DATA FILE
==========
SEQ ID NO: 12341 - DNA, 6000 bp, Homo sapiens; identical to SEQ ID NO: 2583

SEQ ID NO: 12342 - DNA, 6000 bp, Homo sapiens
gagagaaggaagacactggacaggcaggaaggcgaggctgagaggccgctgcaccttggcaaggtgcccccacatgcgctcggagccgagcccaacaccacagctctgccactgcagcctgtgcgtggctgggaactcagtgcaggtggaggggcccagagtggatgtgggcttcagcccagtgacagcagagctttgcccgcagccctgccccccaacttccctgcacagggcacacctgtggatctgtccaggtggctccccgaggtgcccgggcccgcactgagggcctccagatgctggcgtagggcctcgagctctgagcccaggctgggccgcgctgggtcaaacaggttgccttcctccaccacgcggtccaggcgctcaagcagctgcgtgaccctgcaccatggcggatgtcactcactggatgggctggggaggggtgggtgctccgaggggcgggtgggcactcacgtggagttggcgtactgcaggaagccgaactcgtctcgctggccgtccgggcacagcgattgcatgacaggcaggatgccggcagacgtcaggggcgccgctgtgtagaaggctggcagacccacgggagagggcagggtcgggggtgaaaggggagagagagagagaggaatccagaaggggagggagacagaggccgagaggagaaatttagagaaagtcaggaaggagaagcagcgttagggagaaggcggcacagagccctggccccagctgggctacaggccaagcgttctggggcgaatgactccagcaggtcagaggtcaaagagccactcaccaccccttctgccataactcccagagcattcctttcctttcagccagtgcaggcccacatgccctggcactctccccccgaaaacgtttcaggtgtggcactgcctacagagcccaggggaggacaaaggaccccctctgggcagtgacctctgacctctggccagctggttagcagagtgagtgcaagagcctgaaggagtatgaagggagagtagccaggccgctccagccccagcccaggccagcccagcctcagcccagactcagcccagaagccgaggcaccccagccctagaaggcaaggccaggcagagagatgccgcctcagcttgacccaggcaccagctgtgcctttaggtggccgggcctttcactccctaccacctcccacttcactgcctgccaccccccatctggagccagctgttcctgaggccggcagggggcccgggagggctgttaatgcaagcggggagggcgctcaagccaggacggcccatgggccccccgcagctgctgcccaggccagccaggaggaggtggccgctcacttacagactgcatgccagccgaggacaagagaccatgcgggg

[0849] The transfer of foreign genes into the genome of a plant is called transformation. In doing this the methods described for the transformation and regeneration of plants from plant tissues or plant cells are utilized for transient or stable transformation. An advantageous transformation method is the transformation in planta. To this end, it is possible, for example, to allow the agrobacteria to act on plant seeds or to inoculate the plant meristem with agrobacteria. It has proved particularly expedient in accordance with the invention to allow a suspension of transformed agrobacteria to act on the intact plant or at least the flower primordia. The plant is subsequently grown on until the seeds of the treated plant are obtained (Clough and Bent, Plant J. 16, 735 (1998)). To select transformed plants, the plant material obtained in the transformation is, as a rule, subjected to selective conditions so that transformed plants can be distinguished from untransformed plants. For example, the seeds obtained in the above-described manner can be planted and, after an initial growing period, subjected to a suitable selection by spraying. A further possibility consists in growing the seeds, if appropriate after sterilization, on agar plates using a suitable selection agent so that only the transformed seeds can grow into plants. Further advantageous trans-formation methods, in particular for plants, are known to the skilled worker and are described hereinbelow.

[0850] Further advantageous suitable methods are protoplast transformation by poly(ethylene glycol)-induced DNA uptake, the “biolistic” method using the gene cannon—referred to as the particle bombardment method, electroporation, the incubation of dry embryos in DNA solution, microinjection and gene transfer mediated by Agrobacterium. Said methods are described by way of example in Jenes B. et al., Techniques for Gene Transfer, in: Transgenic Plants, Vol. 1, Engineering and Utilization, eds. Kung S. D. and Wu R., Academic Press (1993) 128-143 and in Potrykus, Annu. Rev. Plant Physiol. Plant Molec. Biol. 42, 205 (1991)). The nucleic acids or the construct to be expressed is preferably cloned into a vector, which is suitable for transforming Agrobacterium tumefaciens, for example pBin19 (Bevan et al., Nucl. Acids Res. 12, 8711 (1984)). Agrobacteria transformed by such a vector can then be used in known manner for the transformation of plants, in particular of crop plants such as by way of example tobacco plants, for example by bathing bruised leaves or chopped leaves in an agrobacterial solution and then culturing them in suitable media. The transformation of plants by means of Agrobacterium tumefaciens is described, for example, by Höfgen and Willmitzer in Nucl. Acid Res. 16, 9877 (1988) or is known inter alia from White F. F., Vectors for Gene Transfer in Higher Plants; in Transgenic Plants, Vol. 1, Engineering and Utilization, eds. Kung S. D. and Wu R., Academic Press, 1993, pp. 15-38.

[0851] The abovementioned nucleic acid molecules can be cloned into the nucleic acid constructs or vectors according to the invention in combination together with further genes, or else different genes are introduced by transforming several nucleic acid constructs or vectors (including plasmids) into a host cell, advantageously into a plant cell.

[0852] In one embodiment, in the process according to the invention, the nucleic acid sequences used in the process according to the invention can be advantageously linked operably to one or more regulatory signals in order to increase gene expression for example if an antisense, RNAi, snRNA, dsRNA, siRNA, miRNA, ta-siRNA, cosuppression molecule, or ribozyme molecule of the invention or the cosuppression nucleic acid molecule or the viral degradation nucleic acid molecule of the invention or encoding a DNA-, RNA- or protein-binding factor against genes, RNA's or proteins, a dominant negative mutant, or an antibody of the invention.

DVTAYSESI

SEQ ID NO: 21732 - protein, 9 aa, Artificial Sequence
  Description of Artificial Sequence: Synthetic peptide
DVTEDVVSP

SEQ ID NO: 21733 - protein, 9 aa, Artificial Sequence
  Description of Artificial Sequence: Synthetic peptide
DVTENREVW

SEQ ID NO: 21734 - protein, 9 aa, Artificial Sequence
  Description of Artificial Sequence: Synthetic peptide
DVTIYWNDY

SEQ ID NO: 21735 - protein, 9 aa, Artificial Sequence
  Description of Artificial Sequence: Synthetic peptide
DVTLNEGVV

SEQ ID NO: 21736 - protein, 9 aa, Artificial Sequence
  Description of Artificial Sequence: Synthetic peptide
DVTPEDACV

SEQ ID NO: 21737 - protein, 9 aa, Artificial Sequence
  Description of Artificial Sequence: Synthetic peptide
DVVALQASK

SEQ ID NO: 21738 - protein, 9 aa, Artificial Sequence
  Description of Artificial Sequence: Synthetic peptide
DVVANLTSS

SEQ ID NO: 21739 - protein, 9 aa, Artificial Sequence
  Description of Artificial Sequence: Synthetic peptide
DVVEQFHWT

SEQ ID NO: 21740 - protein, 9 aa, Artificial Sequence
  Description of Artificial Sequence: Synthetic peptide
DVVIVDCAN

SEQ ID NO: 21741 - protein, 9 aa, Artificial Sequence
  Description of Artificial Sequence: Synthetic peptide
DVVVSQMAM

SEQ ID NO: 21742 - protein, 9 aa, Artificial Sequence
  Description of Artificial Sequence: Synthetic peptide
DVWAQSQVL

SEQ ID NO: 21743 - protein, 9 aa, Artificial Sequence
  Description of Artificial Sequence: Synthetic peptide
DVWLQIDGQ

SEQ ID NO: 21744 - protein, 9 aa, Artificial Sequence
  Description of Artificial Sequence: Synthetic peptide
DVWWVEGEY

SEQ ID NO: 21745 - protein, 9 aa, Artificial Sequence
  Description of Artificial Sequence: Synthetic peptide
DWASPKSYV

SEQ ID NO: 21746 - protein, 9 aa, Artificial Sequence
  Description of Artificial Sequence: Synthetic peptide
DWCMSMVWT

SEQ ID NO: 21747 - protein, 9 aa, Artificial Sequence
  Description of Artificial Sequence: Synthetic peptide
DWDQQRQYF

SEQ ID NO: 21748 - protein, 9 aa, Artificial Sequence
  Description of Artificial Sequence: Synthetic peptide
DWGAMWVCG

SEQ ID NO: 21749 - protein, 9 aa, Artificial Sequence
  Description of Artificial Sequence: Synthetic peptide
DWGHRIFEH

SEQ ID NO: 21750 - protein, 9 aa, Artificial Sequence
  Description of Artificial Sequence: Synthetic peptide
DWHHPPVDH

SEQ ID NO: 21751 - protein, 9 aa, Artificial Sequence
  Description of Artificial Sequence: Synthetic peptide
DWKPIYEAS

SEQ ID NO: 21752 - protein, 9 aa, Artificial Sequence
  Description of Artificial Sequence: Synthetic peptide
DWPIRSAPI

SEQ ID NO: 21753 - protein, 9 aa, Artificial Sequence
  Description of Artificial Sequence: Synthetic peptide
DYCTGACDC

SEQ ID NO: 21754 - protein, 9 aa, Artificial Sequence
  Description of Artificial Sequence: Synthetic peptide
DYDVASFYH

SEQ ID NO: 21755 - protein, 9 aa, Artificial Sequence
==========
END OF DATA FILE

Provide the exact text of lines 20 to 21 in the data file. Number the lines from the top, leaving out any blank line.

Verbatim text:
DVTLNEGVV

SEQ ID NO: 21736 - protein, 9 aa, Artificial Sequence